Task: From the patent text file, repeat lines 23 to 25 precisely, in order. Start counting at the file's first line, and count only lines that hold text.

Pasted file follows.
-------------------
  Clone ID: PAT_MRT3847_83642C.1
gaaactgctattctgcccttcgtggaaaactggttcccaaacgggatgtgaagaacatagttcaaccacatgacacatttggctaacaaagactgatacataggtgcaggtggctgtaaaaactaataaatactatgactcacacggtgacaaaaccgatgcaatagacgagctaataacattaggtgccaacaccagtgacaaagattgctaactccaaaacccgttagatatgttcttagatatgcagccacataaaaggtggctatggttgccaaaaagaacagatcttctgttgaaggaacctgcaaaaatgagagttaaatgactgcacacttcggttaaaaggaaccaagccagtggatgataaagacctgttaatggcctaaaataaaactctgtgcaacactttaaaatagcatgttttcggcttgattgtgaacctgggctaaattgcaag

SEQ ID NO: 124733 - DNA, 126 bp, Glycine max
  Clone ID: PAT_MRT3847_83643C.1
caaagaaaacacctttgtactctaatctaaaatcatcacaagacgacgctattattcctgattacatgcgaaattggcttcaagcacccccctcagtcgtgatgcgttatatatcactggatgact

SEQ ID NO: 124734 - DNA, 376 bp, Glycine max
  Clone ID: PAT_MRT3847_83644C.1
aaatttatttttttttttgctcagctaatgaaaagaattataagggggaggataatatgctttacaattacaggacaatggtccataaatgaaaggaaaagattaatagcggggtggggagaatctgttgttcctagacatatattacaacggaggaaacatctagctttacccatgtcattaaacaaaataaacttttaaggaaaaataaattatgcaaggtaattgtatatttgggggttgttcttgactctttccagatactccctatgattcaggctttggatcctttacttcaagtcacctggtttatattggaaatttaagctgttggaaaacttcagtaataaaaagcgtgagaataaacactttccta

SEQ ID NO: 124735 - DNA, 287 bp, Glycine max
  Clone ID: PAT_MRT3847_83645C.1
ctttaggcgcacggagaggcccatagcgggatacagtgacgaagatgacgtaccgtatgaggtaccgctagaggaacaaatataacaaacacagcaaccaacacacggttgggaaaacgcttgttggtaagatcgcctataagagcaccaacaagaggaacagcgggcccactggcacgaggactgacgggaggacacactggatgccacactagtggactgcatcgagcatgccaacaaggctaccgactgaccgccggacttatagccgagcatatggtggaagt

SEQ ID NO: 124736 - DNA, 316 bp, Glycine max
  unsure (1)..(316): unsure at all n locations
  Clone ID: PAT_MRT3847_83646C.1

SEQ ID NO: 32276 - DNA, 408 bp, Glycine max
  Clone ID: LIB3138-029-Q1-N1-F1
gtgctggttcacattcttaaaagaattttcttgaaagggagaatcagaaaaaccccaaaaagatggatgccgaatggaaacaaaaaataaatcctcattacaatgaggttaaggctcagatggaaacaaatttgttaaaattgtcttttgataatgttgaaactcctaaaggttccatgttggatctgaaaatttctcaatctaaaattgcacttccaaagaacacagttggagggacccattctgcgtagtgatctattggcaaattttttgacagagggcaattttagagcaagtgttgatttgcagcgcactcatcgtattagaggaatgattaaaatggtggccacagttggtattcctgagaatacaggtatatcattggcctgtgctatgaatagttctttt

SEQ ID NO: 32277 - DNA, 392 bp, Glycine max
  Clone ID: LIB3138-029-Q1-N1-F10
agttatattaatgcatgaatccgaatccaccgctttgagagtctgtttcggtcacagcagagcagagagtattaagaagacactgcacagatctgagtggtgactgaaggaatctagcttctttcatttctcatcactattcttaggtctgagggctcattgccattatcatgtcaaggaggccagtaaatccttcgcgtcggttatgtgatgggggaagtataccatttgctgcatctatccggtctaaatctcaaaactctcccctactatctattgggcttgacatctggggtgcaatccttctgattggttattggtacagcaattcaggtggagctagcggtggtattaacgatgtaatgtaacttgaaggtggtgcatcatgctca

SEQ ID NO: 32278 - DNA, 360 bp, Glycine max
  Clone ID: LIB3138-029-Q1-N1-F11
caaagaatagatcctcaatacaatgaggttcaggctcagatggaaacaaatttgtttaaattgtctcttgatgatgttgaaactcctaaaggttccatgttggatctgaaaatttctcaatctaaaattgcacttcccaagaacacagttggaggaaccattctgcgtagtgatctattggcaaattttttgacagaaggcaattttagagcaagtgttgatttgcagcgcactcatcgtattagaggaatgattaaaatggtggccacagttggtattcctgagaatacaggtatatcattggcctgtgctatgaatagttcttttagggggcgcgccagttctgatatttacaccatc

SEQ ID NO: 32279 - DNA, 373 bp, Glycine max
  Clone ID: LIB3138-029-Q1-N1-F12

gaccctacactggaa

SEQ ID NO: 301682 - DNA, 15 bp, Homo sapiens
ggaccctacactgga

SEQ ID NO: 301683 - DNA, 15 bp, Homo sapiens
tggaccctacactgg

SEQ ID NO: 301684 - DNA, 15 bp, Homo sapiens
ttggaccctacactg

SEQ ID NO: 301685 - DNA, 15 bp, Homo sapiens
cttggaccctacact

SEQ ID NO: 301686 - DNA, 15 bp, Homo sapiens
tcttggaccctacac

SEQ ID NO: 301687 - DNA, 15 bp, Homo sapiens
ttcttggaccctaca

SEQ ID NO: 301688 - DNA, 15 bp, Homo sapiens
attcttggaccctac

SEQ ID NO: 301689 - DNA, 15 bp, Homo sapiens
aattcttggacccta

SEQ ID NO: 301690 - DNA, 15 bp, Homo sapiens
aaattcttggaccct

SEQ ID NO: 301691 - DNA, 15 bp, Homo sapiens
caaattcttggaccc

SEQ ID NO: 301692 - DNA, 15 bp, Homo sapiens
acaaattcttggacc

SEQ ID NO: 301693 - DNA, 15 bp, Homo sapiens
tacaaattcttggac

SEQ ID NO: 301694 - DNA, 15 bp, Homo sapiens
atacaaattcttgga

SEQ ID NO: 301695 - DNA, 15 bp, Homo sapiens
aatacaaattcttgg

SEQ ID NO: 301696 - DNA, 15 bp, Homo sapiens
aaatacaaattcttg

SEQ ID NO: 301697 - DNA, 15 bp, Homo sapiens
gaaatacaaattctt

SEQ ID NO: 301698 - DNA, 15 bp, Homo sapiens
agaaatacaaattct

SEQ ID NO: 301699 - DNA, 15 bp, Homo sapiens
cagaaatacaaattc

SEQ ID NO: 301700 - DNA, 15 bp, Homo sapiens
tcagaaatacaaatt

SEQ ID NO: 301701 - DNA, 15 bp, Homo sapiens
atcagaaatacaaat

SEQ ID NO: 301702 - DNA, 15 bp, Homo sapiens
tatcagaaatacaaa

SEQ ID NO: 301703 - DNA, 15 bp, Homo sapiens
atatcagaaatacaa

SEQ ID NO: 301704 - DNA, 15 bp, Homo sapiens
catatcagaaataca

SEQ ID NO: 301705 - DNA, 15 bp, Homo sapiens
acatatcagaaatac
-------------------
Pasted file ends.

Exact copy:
caaagaatagatcctcaatacaatgaggttcaggctcagatggaaacaaatttgtttaaattgtctcttgatgatgttgaaactcctaaaggttccatgttggatctgaaaatttctcaatctaaaattgcacttcccaagaacacagttggaggaaccattctgcgtagtgatctattggcaaattttttgacagaaggcaattttagagcaagtgttgatttgcagcgcactcatcgtattagaggaatgattaaaatggtggccacagttggtattcctgagaatacaggtatatcattggcctgtgctatgaatagttcttttagggggcgcgccagttctgatatttacaccatc

SEQ ID NO: 32279 - DNA, 373 bp, Glycine max
  Clone ID: LIB3138-029-Q1-N1-F12